This paper is motivated by a simple question: Can we design and build battery-free devices capable of machine learning and inference in underwater environments? An affirmative answer to this question would have significant implications for a new generation of underwater sensing and monitoring applications for environmental monitoring, scientific exploration, and climate/weather prediction.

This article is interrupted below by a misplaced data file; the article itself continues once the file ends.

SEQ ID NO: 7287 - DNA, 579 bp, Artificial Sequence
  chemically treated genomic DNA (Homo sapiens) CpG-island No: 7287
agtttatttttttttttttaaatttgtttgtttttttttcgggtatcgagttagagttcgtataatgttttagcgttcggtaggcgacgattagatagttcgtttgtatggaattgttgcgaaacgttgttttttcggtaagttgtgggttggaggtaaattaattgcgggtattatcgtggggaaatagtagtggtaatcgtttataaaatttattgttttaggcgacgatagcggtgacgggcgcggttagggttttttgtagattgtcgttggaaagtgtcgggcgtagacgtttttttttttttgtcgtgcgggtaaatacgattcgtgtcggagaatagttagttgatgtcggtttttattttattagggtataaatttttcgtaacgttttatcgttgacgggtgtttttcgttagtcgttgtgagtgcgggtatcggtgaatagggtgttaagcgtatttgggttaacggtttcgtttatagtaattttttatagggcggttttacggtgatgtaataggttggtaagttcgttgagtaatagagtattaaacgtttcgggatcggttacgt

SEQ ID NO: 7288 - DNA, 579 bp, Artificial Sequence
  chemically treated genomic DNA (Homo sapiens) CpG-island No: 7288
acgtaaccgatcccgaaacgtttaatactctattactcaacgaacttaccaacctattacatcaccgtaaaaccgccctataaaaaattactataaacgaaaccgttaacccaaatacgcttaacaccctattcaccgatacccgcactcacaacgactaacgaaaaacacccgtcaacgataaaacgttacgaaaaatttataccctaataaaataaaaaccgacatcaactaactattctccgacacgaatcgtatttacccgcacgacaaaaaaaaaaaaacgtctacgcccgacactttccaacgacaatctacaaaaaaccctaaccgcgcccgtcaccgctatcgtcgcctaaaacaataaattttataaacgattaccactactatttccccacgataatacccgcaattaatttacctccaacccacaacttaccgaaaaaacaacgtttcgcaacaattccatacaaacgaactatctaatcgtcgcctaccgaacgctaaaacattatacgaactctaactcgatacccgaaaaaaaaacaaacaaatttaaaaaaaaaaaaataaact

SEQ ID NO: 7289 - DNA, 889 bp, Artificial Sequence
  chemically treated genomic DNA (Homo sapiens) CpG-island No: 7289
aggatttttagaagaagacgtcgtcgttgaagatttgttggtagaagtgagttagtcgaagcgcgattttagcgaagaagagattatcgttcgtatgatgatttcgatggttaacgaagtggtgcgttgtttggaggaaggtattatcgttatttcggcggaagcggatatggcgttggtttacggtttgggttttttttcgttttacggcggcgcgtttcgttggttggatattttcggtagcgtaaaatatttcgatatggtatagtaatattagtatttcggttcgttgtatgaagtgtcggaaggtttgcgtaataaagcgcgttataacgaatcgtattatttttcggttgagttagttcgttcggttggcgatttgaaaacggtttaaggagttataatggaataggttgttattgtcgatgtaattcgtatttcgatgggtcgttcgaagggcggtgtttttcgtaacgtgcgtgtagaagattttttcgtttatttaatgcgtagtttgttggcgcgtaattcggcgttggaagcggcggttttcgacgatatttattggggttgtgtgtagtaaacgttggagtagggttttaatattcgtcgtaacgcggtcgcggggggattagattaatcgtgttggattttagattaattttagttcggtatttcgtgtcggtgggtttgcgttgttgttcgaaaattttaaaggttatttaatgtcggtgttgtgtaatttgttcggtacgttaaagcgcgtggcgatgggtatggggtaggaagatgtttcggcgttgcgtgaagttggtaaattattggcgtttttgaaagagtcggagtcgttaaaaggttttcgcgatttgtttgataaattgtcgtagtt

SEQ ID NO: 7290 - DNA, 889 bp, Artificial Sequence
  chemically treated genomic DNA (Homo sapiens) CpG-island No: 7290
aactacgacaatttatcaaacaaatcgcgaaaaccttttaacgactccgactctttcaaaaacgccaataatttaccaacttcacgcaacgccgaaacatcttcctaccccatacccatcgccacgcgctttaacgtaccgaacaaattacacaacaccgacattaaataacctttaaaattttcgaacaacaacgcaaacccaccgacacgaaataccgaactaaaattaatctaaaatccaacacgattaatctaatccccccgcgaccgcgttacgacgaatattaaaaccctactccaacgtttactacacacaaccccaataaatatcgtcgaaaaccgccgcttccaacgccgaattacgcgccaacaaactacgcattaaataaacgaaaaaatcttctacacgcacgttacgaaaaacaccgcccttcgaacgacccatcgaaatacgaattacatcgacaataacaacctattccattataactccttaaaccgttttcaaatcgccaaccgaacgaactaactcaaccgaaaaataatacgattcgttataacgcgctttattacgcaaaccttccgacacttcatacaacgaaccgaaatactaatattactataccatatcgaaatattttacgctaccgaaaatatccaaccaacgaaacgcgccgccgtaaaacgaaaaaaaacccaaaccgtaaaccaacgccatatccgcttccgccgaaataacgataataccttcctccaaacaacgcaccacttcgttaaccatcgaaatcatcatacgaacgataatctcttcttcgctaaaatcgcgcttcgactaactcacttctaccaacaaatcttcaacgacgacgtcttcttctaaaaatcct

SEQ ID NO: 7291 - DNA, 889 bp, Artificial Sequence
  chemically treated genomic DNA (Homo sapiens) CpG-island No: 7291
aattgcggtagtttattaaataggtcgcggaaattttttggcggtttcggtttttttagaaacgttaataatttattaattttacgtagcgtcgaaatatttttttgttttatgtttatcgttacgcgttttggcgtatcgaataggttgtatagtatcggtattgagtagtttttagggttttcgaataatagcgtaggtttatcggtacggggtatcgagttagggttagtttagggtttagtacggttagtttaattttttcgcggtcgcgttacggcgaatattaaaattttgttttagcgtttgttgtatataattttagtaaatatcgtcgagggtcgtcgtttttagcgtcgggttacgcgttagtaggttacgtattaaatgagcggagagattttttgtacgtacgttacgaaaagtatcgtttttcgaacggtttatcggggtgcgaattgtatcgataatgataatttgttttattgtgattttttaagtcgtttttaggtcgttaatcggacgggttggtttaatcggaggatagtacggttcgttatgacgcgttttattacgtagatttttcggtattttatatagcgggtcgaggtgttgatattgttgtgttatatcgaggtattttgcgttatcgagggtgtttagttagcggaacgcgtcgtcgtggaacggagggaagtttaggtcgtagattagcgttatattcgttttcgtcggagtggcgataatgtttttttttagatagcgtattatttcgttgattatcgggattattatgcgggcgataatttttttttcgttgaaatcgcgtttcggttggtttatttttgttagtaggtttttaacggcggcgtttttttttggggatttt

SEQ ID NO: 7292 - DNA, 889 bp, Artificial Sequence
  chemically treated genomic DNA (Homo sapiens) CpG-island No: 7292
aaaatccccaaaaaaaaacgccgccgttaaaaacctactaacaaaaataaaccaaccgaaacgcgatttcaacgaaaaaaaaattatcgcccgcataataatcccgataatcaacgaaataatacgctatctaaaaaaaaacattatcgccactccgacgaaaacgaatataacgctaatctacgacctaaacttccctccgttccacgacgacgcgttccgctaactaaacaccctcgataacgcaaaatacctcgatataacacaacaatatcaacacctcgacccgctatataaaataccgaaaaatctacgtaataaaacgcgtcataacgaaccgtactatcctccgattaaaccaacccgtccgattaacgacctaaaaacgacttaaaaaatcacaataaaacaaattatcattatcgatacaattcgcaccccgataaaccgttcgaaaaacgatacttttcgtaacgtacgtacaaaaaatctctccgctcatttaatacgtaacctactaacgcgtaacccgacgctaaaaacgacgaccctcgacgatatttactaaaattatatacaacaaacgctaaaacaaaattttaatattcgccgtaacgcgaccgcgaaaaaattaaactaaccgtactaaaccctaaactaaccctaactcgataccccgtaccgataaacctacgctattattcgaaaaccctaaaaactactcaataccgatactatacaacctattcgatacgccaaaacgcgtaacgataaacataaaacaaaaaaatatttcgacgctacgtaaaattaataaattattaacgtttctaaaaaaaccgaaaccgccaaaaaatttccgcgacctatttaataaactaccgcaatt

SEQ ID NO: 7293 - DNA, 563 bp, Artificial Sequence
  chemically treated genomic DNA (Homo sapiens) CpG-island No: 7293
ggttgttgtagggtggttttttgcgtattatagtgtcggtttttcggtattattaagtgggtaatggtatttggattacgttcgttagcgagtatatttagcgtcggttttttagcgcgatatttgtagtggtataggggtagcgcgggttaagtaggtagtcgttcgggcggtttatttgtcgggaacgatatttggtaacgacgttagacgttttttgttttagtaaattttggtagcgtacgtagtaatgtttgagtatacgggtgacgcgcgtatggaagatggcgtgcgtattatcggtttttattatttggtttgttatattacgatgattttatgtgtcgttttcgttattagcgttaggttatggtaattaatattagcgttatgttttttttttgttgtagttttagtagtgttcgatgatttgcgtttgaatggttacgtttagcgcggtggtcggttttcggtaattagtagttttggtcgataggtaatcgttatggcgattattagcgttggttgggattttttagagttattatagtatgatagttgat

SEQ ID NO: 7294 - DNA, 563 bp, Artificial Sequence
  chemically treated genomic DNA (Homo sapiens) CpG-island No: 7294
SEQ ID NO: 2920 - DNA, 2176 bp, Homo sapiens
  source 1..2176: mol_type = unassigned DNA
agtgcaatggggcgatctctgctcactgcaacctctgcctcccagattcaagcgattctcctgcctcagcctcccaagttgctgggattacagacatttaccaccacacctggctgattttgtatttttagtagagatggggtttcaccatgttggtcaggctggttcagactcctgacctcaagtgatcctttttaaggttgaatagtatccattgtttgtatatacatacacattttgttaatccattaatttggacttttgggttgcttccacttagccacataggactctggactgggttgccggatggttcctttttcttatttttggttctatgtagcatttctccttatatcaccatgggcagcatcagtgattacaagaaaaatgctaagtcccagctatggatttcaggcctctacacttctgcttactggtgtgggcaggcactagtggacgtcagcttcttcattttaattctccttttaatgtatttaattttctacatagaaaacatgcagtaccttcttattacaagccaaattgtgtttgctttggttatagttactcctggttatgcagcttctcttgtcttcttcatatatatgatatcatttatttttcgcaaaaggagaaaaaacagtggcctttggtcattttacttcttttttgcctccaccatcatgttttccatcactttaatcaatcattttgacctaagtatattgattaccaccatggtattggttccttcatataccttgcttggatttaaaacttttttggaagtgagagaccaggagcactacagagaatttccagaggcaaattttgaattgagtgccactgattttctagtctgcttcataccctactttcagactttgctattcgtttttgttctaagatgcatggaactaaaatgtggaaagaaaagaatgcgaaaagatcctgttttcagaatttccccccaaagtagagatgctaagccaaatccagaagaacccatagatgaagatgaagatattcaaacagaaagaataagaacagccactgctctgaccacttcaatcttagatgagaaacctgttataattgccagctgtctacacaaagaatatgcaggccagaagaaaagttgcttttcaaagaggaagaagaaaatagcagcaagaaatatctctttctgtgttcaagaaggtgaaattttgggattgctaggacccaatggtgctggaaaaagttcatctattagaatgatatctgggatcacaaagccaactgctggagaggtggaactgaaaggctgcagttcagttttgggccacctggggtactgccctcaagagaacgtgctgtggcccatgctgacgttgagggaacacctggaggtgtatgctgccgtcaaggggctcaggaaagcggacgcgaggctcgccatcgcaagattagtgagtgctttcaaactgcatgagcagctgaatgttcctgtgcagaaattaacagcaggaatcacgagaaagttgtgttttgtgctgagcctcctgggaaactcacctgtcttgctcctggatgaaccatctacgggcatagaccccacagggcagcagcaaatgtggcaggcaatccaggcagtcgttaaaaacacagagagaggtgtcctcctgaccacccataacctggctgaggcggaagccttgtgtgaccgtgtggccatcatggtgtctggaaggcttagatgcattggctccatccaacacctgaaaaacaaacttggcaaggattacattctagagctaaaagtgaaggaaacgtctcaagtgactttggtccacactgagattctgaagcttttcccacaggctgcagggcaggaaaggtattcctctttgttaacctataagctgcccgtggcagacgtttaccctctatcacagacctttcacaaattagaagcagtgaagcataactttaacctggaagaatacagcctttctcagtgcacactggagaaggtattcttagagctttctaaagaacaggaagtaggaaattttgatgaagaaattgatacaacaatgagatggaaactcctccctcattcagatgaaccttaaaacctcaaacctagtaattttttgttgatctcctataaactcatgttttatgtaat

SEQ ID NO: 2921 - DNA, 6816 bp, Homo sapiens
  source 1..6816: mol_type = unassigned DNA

To answer this question, we explore the feasibility of bridging advances from the past decade in two fields: battery-free networking and low-power machine learning. Our exploration demonstrates that it is indeed possible to enable battery-free inference in underwater environments. We designed a device that can harvest energy from underwater sound, power up an ultra-low-power microcontroller and on-board sensor, perform local inference on sensed measurements using a lightweight Deep Neural Network, and communicate the inference result via backscatter to a receiver. We tested our prototype in an emulated marine bioacoustics application, demonstrating the potential to recognize underwater animal sounds without batteries. Through this exploration, we highlight the challenges and opportunities for making underwater battery-free inference and machine learning ubiquitous.